Going After Utley A Bad Idea

The dumbest thing the Mets can do during their four-game series against the Dodgers – starting tonight in LA – is to go after Chase Utley with a beanball. Whether it be at his head, ribs, butt or knee, there’s no reason to start something that has already been finished.

It wouldn’t be smart even if Ruben Tejada was still on the Mets. He’s not, so what’s the purpose.

UTLEY-TEJADA: Let's move on. (AP)

UTLEY-TEJADA: Let’s move on. (AP)

MLB overreacted last October during the playoffs, which was substantiated when the suspension was dropped on appeal.

We can debate all we want on whether it was a dirty play. I’m saying it wasn’t,┬ábecause: 1) Daniel Murphy did not make a good throw; 2) Tejada turned into the path of the runner, and 3) Utley was within close proximity of the bag, at least according to the rules in place. (See photo).

Also, it has always been an umpire’s discretion to eject a player if he deemed the play dirty. This did not happen and MLB behavior czar Joe Torre came down with the suspension to avoid Mets fans going ballistic when the NLDS moved to New York.

Was it aggressive? Yes. Was it dirty? Debateable. Is it worth it for the Mets to retaliate and possibly get a player injured or suspended? No.

The issue will be brought up tonight and I’m betting the over/under on the times SNY shows the play to be at least 12. That would be three times per game.

Suppose Steven Matz, or Matt Harvey, or Noah Syndergaard hit Utley and a brawl ensued. Why risk one of them being injured to prove a questionable point in protecting a player no longer on the team?

And, pitchers aren’t the only ones you could be injured. Cal Ripken nearly had his consecutive games streak snapped when the Orioles were involved in a brawl with Seattle. As it was, Orioles pitcher Mike Mussina took a few bruises.

Of course, it would be fascinating to see Yoenis Cespedes against Yassiel Puig in a WWE cage death match event. But, I digress.

The Dodgers aren’t playing good right now, so why wake them up? It could only hurt the Mets in the long run. Plus, the Mets and Dodgers could meet again in the playoffs. Why give the Dodgers ammunition to use in the future?

I felt bad Tejada didn’t get to play in the World Series. and that was his last play as a Met. However, the Mets didn’t think highly enough about him to keep him on the roster. Tejada is gone, demoted to a trivia question in Mets lore.

It’s over and time to move on.

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10 thoughts on “Going After Utley A Bad Idea

  1. Great Article John, but I’ve got to disagree with you on a couple points. The mets shouldn’t go after Utley, right now, not because he shouldn’t get hit, but because it its not the right series to do it. The Dodgers are coming to NY in a couple weeks and with Utley having a resurgent year hitting lead off, I think that beaming him at home will send a message to Met fans and to Utley that we did forget about what happened. You are correct, his slide is debatable, but coming from Utley, one of the biggest Met killers and a guy who’s had problems with the Mets before (http://m.mlb.com/video/topic/6479266/v73700883) it makes it all that much worst.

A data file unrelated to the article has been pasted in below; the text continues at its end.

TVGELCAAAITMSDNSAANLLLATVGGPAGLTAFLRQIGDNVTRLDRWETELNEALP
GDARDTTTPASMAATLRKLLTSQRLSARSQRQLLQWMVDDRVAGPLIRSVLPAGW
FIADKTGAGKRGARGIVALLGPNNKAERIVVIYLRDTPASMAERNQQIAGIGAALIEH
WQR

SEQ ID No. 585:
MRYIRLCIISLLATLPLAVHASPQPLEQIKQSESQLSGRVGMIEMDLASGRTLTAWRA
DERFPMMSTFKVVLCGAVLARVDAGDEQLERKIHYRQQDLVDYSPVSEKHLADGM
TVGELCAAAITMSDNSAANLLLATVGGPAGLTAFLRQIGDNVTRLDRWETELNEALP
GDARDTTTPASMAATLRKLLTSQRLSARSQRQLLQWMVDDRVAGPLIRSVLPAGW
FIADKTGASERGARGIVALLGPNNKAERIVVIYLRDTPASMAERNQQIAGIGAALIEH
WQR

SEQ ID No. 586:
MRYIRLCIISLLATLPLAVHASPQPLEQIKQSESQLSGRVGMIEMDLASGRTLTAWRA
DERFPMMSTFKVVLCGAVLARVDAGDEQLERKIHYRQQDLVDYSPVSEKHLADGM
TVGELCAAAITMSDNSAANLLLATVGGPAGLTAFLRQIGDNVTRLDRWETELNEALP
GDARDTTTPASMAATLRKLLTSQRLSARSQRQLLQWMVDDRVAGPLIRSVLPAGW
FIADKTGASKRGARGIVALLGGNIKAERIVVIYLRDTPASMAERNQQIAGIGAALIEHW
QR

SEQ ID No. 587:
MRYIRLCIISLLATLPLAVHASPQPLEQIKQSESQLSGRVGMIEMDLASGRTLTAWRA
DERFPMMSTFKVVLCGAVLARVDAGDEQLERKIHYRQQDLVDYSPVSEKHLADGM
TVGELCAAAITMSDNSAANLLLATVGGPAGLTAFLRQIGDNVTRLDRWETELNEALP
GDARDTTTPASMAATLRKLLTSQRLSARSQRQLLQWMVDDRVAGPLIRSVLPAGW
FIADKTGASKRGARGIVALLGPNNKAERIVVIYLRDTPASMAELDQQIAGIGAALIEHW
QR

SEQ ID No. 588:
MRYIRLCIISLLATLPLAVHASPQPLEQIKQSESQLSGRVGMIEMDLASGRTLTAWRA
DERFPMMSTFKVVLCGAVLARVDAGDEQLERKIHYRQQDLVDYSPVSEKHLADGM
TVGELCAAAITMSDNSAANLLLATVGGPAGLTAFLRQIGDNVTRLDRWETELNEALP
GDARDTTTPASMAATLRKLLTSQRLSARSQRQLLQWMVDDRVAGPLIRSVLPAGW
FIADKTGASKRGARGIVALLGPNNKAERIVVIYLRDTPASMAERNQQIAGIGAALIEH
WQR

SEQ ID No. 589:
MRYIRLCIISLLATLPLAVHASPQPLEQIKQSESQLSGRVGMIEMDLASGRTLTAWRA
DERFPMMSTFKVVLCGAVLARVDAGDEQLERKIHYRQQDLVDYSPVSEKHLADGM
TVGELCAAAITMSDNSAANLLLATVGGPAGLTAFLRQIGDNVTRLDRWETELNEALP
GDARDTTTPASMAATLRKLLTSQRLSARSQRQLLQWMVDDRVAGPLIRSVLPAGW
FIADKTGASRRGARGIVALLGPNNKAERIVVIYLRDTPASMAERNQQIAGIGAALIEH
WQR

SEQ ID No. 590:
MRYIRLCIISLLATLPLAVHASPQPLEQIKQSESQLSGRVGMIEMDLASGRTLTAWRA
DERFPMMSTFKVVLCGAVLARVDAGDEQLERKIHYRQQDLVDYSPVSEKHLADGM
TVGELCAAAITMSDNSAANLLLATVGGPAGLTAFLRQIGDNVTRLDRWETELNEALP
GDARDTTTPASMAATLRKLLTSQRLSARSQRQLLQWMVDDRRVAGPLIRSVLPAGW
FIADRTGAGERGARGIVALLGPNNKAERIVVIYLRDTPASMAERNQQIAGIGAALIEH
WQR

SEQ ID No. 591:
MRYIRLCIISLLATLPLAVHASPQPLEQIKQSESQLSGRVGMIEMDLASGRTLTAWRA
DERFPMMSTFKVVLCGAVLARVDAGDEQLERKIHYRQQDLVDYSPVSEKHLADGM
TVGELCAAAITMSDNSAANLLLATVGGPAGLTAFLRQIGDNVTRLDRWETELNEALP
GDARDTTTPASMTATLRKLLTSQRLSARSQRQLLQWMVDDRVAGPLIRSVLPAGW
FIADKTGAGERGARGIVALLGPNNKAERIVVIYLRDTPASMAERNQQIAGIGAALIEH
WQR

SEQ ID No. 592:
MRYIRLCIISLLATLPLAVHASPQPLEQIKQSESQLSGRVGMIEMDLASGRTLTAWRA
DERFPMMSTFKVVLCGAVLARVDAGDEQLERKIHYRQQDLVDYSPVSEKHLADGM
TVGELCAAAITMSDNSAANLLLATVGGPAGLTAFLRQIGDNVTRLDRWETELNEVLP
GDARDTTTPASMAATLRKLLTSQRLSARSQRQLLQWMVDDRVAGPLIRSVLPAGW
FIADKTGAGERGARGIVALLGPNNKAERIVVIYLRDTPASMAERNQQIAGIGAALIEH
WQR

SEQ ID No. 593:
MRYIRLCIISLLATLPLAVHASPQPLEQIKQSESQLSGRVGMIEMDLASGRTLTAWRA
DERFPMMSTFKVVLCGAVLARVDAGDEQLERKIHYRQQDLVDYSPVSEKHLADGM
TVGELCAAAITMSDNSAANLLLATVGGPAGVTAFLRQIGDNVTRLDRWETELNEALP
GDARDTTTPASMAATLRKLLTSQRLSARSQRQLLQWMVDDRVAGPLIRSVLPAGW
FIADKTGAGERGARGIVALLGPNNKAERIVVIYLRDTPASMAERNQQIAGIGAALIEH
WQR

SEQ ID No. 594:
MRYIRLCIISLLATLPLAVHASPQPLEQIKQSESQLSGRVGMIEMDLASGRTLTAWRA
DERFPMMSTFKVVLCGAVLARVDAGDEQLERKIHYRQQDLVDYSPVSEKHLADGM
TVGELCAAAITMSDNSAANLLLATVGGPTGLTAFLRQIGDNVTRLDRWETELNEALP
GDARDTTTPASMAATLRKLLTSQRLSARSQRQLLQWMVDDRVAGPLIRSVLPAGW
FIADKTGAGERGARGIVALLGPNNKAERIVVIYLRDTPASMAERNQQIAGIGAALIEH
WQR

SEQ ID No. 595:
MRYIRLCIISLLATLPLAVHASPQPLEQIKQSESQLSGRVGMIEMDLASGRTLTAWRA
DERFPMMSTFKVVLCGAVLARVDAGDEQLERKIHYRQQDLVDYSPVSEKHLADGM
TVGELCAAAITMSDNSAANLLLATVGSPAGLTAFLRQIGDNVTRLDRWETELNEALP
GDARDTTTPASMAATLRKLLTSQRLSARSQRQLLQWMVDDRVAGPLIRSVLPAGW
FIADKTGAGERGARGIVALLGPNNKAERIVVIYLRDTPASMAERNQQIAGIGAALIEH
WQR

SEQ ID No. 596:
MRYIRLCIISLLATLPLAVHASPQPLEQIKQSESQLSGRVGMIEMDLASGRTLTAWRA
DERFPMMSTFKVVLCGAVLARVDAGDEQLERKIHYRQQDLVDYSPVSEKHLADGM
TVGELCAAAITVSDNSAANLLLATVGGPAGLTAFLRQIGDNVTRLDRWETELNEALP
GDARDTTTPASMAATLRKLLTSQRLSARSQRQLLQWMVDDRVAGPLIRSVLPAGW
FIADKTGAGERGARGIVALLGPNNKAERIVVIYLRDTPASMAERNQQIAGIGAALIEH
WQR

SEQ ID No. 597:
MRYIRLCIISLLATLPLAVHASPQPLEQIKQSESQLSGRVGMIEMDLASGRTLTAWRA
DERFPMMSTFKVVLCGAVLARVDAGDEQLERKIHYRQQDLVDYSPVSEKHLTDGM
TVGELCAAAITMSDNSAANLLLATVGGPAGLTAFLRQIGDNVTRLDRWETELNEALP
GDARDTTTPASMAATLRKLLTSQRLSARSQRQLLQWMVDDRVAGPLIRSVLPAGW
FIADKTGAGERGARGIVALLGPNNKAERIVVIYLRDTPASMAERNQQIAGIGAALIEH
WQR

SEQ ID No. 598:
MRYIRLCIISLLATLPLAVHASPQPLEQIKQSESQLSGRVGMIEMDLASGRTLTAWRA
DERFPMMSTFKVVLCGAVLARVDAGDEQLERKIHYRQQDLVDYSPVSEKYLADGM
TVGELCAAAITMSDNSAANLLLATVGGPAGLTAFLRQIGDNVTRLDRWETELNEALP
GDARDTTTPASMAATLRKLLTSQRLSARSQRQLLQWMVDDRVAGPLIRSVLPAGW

• Kevin V: Thanks for your comment. I hadn’t thought this not being the right series. But, even down the road, why wake up a sleeping dog?-JD

    • There’s no reason to “beam” the guy now. Last season is over, and the Mets achieved ultimate revenge when they won that series. What’s to be gained now? Getting into an unending battle of hit batsmen over last October? The only thing we’d be doing now is endangering one of our own top players.

      Pitch him inside? Yes. Brush him back, knock him down, and if he hangs over the plate give him one in the thigh? Sure. That could happen. But you don’t make it obvious, and you don’t do it without a clear & present need to do so. This pitching staff will protect its players, with a special nod to Noah & Harvey. When the time is right, they can take care of it. If they don’t, it’s not the end of the world.

    • I don’t think it’s debatable that it was a dirty slide. Tejada was behind the bag. He had NO shot at the DP and Utley never even attempted his “slide” until he was past the bag.

  2. If chase utley wasn’t a former phillie it wouldn’t be as big of a deal was it dirty probably was it within the rules yes so what can you do chase is a veterans committee hall of famer because he played the game to win

  3. TOTALLY disagree. You have to stand up for your players. It was a dirty slide and someone should let it be known that if you go after one of ours we’ll go after one of yours. Saying winning takes care of it makes no sense. No one is going to say “you know what, maybe I won’t play dirty because they beat us.” You do it to let the other team know you won’t stand for being pushed around. It’s not about payback, it’s actually about PROTECTING your players.

  4. “Why risk one of them being injured to prove a questionable point in protecting a player no longer on the team?”

    This is my rebuttal:

    You do it to let the other team know that there will be a price to pay if you injure one of our players. It’s irrelevant if Tejada is on the team. You tell the Utley, the Dodgers and every team in baseball that you’re not going to accept them going after your players. They’ll think twice before doing it again. No one wants to get into a head hunting war but the Dodgers have more to lose if it came to that than the Mets do. They know they have it coming so at some point one of the Mets pitchers should even the score.

  5. The slide did not even start until he hit Tejada, and he never even touched second base. Saying the it wasn’t a dirty slide is almost as asinine as the act itself.